Spring is around the corner, which means it is time to plant. Starting from seed can be a gratifying and economical way to grow many edibles and ornamentals, but choosing seeds can be confusing. Do you want a black tomato or a striped tomato? Organic? Heirloom? Hybrid? What is the difference?
The definition of ‘heirloom' is not always agreed upon -- some say an heirloom variety must be at least fifty years old, some say it should be older. But generally speaking, an heirloom seed comes from a plant variety that has been passed on through several generations within a family or community. Varieties were often chosen for their superior taste, appearance, and overall performance. For example, thanks to John Bidwell, here in Chico we have the Bidwell Casaba, a melon dating back to the late 1800's.
Heirloom tomatoes. Kim Schwind
Heirloom varieties must be open pollinated, meaning that pollination occurs naturally by insect, bird, wind, or animal. Seed produced by the heirloom variety will grow true to type (it will resemble the parent plant) as long as the flowers were pollinated by the same variety. Open pollination creates a more genetically diverse gene pool which allows plants to slowly adapt to local growing conditions.
Importantly, while all heirlooms are open pollinated, not all open-pollinated plants are heirlooms. Hybrid seed is produced when open pollination occurs between two specific varieties carefully chosen for their superior traits. Such controlled cross-pollination producing hybrid seed results in offspring with desired traits, such as disease resistance, uniformity, and greater vigor. Unlike heirlooms, however, the seed saved from hybrids will not grow true to type in the next generation and will be less vigorous and more genetically variable. Reliance on a single vegetatively propagated potato variety with no genetic diversity led to the Irish potato famine of the 1840s, when a fungus destroyed the potato crop four years in a row, leading to mass starvation. Because only one variety of potatoes had been planted over and over, the lack of genetic diversity led to potato fields that were highly susceptible to disease.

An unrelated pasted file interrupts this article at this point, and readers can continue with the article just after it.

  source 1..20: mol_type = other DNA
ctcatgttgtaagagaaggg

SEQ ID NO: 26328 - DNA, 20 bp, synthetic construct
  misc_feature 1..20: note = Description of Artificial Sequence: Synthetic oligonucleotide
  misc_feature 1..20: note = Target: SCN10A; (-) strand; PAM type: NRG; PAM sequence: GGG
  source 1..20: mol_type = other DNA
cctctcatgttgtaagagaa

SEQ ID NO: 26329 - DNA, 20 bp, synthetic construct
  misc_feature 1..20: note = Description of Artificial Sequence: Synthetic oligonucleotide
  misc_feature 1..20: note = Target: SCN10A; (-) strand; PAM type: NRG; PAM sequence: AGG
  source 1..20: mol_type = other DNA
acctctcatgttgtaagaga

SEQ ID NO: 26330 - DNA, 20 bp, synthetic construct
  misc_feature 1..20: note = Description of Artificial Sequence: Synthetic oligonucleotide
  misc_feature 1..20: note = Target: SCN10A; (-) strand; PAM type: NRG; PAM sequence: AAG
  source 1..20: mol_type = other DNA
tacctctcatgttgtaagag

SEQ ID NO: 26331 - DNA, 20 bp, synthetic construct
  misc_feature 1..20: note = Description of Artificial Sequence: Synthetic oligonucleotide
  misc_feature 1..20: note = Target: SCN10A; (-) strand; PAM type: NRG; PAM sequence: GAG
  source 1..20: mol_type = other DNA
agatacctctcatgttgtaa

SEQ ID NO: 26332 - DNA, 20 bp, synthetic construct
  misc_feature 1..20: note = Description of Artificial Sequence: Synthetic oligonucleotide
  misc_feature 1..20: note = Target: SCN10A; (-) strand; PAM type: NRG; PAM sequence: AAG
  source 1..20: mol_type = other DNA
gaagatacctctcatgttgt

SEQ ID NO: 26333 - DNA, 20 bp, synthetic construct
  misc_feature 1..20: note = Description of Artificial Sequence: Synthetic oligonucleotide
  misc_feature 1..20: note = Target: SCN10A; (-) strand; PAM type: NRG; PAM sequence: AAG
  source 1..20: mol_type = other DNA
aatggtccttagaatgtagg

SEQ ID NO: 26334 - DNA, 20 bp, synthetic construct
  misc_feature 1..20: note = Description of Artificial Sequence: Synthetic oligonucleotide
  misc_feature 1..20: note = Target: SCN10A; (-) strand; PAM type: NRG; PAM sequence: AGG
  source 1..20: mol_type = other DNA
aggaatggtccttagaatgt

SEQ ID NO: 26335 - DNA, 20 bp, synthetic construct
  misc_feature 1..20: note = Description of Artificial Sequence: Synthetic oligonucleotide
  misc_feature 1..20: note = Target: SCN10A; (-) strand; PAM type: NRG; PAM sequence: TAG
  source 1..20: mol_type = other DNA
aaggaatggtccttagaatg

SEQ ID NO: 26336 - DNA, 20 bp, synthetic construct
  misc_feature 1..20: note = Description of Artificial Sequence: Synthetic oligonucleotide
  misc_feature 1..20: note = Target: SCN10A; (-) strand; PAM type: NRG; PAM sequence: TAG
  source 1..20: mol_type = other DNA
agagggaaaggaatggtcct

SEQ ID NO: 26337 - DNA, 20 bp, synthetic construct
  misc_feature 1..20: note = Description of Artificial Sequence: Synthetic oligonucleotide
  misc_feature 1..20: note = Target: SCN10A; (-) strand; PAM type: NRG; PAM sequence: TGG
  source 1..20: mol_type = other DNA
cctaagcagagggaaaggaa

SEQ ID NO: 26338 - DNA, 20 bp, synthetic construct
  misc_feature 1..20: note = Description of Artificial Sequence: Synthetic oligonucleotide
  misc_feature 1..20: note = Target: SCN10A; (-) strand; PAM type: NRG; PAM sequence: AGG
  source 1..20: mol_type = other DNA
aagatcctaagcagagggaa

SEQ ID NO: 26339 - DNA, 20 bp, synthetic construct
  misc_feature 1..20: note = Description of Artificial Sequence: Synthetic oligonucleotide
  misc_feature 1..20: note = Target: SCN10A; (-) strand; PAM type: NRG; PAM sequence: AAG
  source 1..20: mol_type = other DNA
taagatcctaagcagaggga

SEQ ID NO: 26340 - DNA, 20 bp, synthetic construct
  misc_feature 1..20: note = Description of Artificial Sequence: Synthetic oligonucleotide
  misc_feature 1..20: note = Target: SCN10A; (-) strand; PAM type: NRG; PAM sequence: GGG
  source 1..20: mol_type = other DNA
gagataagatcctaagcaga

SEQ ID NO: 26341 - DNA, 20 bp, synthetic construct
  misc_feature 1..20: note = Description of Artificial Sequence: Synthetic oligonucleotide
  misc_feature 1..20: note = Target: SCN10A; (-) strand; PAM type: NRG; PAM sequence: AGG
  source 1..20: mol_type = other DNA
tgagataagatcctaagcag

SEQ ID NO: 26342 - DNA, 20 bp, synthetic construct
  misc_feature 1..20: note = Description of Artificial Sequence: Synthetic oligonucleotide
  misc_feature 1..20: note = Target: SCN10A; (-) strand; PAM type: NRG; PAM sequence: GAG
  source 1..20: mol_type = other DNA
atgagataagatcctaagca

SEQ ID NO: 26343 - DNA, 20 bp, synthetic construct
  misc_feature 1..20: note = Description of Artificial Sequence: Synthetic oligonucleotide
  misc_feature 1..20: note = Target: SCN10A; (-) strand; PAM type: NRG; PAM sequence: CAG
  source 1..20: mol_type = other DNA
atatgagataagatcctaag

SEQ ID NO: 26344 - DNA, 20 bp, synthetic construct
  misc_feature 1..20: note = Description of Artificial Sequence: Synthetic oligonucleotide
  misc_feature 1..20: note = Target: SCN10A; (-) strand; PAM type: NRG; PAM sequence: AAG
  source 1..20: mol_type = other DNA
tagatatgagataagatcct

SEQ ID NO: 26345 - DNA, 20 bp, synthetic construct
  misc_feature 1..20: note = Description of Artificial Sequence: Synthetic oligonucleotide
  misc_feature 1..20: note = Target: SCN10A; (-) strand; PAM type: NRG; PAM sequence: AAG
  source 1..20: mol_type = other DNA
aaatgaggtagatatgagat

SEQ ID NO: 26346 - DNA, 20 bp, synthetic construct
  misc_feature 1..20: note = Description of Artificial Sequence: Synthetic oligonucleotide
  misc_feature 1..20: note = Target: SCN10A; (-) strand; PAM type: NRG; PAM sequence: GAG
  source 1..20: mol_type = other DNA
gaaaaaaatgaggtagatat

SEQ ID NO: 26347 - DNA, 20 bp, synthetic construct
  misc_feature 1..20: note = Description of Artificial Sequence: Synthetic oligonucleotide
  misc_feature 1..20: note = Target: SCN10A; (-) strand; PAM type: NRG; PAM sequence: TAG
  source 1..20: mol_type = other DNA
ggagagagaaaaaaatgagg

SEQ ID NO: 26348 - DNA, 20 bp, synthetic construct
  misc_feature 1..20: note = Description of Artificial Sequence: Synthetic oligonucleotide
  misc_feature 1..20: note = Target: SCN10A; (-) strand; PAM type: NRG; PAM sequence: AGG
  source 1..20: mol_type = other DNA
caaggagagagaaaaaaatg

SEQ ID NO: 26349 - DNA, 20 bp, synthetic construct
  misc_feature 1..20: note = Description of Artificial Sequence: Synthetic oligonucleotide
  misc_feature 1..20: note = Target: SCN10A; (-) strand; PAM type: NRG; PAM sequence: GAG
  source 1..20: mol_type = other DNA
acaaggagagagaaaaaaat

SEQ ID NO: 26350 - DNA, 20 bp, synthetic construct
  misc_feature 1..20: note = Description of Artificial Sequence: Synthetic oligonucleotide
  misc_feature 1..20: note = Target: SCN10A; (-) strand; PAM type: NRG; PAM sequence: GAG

Heirloom Di Ciccio broccoli. Jeanette Alosi
Hybrids should not be confused with Genetically Modified Organisms, or GMO's. GMOs are created by inserting genes from one species into an unrelated species. Some of these combinations might seem like creations of science fiction! Although never commercialized, tomato was experimentally modified with genetic material from fish to improve frost tolerance. On the other hand, papaya genetically modified with a viral protein saved the Hawaiian papaya industry from papaya ringspot, a devastating virus disease.
Although 70% of the processed foods we eat contain GMO ingredients, it is unlikely that the seeds you find in your local nursery are genetically modified. These types of seeds are primarily used commercially for crops such as corn, soybeans, canola, sugar beets and cotton. Regardless of what kind of seed you choose, it is important to understand the distinctions among them in order to make informed decisions based on your priorities.
Early girl hybrid tomato growing on the right. Laura Lukes
UC Master Gardeners of Butte County are part of the University of California Cooperative Extension (UCCE) system. To learn more about us and our upcoming events, and for help with gardening in our area, visit our website. If you have a gardening question or problem, email the Hotline at firstname.lastname@example.org or leave a phone message on our Hotline at (530) 538-7201. To speak to a Master Gardener about a gardening issue, or to drop by the MG office during Hotline hours, see the most current information on our Ask Us section of our website.